Watch: The Dying Craft Of Neon Signs

Without neon lights, our cities would have looked like ghost cities for most of the 20th century. Now, these signs are in the process of becoming ghosts themselves.

Since the 1920s, the cities of the world have been given light and life at night by the flickering, almost phantasmagoric lettering of neon signs. As efficient LEDs replace glowing tubes full of neon gas, though, the art of the neon sign is dying out.

Produced by Cpak Studio, The Making of Neon Signs is an intriguing and slightly melancholy documentary that reveals the intricacies of a dying craft that may very well not exist a decade from now. Talking to a number of neon sign designers in Hong Kong, the last bastion of neon sign design, it's an exploration of a fascinating art that requires far more ingenuity than might first be apparent.

In Hong Kong and other parts of Asia, the design of a neon sign starts first with choosing from a pool of calligraphers, each of whom has a distinctive style. Restaurants prefer calligraphers who specialize in simplistic scripts, which are almost clerical in nature, whereas a clinic that sets broken bones or a kung fu dojo might choose an artist with a more visceral style.

Once the letters of a neon sign have been designed, it's time for a sign manufacturer to construct it. Handled by craftsmen with decades of experience, a glass tube will be heated up over a (1,472 degrees Fahrenheit) flame until it is hot enough to be bent. This is all done by hand and without protective gloves. This turns out to be a big factor that influences neon sign design. The decision on how many tubes to make each sign ultimately comes down to what the smallest piece of glass a neon sign maker can bend without burning his hands.

When the glass of a neon sign has been finalized, the tubes are colorized. Neon signs use one of two noble gases to create their light: the titular neon, which gives a sign a red light, and argon, which produces a blue light. To make other colors, the inside of the glass tubes are coated in powder; blue powder with neon, for example, produces a pink neon sign, while a green tube would turn orange. Once the inside of the tubes are coated, they are sealed, filled with gas, and hooked up to transformers.

It's a fascinating craft, but neon signs are dwindling in popularity. There are obvious reasons why, of course. Neon signs are expensive to make and power, they break easily and are hard to replace, and they are fire hazards as well. Even so, it still seems sad that any art that requires this much craft—and gives a city at night so much charm—would eventually die out. It's a reminder that progress often comes with a human cost.

Hat tip: Jonathan Hoefler

[Images: Restaurant Bar Jackpots, Las Vegas and Glitter Gultch via Flickr user Curtis Perry]

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  • jethrik

    An art that involves bending glass and voltage transformers has no reason to go obsolete since the basic elements can always be manufactured with relative ease. This contrasts to something like a CRT monitor which due to tiny demand and thus no economy of scale will be virtually impossible to resurrect due to economics.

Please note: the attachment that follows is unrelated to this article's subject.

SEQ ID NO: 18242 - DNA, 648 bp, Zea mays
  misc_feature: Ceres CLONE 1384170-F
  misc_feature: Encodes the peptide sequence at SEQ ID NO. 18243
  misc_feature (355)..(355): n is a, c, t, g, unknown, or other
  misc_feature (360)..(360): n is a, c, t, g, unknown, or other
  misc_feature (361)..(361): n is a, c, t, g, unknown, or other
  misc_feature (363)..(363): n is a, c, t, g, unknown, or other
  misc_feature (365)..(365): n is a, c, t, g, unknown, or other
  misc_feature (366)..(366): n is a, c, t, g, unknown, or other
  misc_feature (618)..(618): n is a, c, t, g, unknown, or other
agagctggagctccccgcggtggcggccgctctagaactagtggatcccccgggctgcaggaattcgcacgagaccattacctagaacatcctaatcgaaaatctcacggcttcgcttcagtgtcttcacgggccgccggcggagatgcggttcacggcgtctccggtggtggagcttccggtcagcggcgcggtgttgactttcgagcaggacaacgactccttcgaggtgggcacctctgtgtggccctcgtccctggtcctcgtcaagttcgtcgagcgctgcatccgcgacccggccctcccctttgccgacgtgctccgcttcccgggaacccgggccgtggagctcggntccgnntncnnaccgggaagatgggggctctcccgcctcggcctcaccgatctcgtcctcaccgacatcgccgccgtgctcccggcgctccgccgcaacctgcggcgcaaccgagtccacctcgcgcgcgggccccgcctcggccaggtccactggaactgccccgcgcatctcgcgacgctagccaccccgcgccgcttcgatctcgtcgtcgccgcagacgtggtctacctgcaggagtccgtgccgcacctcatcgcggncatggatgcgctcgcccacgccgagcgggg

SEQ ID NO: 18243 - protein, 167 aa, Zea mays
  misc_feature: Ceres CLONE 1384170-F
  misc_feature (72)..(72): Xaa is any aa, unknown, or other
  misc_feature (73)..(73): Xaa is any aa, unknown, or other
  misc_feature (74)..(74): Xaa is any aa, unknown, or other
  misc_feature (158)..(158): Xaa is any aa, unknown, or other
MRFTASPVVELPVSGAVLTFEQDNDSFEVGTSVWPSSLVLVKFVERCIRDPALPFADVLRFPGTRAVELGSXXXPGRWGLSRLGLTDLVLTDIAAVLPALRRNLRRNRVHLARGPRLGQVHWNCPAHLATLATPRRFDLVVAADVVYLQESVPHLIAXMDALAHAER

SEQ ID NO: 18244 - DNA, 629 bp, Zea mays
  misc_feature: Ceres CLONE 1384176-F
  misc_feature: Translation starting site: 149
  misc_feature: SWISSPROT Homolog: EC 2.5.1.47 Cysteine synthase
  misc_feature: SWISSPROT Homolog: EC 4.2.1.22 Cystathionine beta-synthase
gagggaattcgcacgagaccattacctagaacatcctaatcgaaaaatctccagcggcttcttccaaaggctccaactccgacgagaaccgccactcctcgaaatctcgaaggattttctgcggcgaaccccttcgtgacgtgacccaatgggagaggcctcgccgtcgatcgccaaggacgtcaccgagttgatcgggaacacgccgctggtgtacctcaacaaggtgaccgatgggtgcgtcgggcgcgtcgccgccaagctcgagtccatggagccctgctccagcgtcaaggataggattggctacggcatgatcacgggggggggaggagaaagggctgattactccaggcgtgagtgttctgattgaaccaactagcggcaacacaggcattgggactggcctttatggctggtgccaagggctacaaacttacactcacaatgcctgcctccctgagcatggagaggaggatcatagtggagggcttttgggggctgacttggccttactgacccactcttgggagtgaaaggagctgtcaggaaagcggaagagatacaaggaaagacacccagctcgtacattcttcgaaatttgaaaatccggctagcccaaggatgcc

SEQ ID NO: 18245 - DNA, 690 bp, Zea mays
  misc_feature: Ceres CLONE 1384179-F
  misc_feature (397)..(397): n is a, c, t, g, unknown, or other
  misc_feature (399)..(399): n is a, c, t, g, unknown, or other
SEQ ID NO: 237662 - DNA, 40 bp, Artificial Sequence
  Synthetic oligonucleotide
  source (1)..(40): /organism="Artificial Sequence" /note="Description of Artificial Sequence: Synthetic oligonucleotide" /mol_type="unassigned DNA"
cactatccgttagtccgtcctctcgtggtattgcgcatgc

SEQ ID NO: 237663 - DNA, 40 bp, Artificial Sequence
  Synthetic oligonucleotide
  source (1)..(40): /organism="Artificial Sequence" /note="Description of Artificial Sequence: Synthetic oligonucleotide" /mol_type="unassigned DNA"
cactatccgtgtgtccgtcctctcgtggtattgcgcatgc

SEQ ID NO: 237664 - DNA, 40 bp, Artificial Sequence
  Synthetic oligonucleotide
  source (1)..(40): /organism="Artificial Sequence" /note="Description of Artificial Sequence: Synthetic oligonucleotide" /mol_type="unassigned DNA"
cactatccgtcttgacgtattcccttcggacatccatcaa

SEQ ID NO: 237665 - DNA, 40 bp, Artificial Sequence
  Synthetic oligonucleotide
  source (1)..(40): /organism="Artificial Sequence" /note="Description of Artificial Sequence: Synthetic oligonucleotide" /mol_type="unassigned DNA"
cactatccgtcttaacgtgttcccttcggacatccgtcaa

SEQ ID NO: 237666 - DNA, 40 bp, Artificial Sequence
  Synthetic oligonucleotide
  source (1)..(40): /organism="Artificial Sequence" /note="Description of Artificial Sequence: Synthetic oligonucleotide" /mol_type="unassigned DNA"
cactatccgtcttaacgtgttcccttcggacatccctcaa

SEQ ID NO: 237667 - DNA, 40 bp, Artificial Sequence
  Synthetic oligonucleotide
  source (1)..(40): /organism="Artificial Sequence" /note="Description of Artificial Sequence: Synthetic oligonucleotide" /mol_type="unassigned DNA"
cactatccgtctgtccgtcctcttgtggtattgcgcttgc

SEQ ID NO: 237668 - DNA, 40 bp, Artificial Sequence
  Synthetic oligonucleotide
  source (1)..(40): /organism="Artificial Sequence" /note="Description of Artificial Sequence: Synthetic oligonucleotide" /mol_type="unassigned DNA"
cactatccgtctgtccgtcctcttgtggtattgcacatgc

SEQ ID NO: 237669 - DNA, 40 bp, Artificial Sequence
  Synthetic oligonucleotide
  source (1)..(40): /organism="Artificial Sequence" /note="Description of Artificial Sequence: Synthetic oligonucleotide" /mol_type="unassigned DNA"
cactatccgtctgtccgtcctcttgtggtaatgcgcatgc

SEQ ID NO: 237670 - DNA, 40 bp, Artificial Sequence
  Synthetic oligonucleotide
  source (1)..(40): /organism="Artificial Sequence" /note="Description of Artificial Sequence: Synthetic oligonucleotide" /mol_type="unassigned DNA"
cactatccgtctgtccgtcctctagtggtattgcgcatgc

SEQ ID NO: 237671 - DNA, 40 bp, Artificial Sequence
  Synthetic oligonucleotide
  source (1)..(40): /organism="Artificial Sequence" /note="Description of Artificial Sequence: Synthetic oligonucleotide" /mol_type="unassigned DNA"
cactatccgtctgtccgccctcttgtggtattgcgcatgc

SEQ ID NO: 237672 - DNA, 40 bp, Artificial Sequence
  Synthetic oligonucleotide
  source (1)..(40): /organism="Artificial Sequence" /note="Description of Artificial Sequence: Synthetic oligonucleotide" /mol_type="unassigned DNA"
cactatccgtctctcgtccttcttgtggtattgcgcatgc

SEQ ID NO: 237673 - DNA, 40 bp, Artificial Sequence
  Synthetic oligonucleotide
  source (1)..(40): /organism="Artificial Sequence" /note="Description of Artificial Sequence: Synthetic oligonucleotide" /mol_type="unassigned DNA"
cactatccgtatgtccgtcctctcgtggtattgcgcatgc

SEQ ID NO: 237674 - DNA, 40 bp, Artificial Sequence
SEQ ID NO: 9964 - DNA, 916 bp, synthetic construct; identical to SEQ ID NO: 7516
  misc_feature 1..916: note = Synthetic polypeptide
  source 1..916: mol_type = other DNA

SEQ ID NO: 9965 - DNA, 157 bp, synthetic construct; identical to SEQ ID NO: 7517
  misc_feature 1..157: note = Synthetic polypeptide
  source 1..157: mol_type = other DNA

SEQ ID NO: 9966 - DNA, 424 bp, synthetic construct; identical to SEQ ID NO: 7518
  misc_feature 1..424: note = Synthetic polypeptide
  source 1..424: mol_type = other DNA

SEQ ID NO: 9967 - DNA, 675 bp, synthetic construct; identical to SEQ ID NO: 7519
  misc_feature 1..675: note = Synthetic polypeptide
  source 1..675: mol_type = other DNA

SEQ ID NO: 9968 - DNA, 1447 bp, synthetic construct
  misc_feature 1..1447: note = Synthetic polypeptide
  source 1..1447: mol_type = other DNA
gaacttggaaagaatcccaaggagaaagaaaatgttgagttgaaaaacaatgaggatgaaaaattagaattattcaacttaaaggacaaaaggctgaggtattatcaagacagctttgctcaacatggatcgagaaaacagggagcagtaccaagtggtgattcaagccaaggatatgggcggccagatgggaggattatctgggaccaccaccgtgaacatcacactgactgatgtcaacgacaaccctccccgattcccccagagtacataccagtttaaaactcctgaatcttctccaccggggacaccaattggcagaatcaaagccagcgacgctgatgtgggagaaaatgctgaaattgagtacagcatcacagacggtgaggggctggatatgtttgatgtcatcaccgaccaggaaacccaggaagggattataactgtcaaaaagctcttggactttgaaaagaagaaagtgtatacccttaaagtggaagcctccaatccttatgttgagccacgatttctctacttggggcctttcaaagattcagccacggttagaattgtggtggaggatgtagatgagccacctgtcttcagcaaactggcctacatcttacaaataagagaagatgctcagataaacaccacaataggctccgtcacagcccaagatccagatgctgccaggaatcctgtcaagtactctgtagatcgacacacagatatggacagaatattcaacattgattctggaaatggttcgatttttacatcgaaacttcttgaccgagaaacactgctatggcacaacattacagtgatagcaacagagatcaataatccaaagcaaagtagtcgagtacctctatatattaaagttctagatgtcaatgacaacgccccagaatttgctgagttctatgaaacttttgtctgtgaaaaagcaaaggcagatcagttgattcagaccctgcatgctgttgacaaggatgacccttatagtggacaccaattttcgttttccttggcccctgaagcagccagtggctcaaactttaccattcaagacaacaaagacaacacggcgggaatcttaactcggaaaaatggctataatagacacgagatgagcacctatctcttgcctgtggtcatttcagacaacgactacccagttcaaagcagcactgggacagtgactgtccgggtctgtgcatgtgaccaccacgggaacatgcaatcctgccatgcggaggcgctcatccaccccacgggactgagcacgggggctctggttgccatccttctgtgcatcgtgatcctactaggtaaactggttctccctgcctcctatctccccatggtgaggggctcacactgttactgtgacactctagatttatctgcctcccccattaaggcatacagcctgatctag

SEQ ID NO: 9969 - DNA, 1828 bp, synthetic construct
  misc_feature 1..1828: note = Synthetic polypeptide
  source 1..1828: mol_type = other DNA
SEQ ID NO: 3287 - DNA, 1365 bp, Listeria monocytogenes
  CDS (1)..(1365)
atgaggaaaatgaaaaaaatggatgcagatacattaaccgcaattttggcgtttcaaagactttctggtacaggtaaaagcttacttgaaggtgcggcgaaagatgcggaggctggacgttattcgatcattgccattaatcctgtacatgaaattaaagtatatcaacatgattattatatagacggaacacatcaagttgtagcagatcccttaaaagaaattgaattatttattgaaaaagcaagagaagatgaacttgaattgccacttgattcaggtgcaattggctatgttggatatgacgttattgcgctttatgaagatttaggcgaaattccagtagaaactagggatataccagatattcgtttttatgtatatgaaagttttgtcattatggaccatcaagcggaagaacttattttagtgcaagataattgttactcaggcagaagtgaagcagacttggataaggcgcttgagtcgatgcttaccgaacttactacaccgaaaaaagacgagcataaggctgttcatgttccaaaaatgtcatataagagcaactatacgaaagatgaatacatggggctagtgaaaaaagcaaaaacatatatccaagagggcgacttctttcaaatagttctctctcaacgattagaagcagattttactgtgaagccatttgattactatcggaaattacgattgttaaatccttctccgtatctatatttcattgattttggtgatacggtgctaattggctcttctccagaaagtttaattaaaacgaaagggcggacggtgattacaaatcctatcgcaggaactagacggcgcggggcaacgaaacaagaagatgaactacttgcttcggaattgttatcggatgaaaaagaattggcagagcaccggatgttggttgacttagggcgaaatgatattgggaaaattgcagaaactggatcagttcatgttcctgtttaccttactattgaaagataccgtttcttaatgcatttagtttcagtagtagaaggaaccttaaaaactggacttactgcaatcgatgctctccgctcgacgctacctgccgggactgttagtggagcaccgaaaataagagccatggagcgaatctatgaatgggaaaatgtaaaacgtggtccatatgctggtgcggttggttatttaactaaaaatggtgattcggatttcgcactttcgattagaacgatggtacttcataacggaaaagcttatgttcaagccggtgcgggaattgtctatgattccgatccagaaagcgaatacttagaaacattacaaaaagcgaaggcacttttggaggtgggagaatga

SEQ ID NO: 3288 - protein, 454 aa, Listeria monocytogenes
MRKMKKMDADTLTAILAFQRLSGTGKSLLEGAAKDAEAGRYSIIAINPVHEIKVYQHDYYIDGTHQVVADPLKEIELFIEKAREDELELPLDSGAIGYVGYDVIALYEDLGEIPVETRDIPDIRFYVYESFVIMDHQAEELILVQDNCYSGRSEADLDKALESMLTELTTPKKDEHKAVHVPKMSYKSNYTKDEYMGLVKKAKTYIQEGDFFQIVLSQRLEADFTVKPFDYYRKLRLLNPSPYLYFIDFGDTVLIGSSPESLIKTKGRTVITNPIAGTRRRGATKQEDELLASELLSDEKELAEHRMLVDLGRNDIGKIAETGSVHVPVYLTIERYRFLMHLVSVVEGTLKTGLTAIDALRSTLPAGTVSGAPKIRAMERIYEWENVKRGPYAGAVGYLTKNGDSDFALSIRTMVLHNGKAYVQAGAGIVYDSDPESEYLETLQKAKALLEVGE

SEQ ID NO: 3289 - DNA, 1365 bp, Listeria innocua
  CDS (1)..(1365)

• Tom Collins

    It's not dying. I order 3 -4 signs per year at Johnny Austin Neon Signs - they offer custom made signs and have always shipped really fast. Check them out if your in need of a beer neon sign or bar neon sign at

  • J F Grossen

    Don't worry, there are many cities such as Portland, Vancouver and Seattle who are very active in both preservationist efforts and promoting new uses of neon signage. While the Pacific Northwest has historically been the epicenter of the click crackle and buzz there are many more cities where neon still shines.

  • Erik Gastelum

    annual operating cost.

    As for Fire, well anything installed wrong can cause a fire. When a Neon sign is installed right and all electrical wires are contained in a metallic raceway, flex or sign body, with no live parts touching anything flammable to code, you CANNOT have a fire.

    Neon is very efficient. When it comes to red signs, Red Neon which is just glass and gas does not degrade in light overtime...Red LEDs do. There are a lot of retrofit campaigns going on with sign companies that knock on your door to tell you about energy savings. yes, red LEDs are 1/2 the cost of operation, BUT they degrade. $91 a year for 70' is nothing. When it comes to whites and colors, majority of the time neon is brighter. It takes more power for LEDs to achieve the same brightness as neon, so savings in LED is equal to or slightly less.

  • Erik Gastelum

    Neon is NOT dying out. In fact it's slowly coming back with customer demand. It's dying in the sense that sign companies want to go a cheap quick fast route, collect the check on walk they use LEDs for everything. Every light source used for signs, Neon, LEDs, or Fluorescent lamps ALL have their strengths and weaknesses. Sign companies will prefer to use LEDs because it's low in labor skill, fast to use. Neon takes a skill to fabricate & Install, sign shops don't want to keep a skilled worker on payroll.

    Neon is also NOT expensive to power, very misleading statement from LED companies. The average foot of neon is about 3 watts a foot on average, and can be reduced by 30% when you use a electronic transformer instead of a magnetic. The largest sign transformer at a max load will give you 70' of neon. That's 70' at only 210 watts of linear light, or two 120 watt incandescent lamps. 210 watts at $.12 a kwh operating at 10 hours a say, 365 days a year is $91.00 of

  • Linda Elrod

    What could be more fascinating than to see the glow of a neon light in the darkness of night? Pastel neon lights with their slight hum makes me think of the glowing lights in deep space like nebula. Magellanic Clouds, galaxies, or Aurora Borealis. I love neon lights and hate to see them fade out. .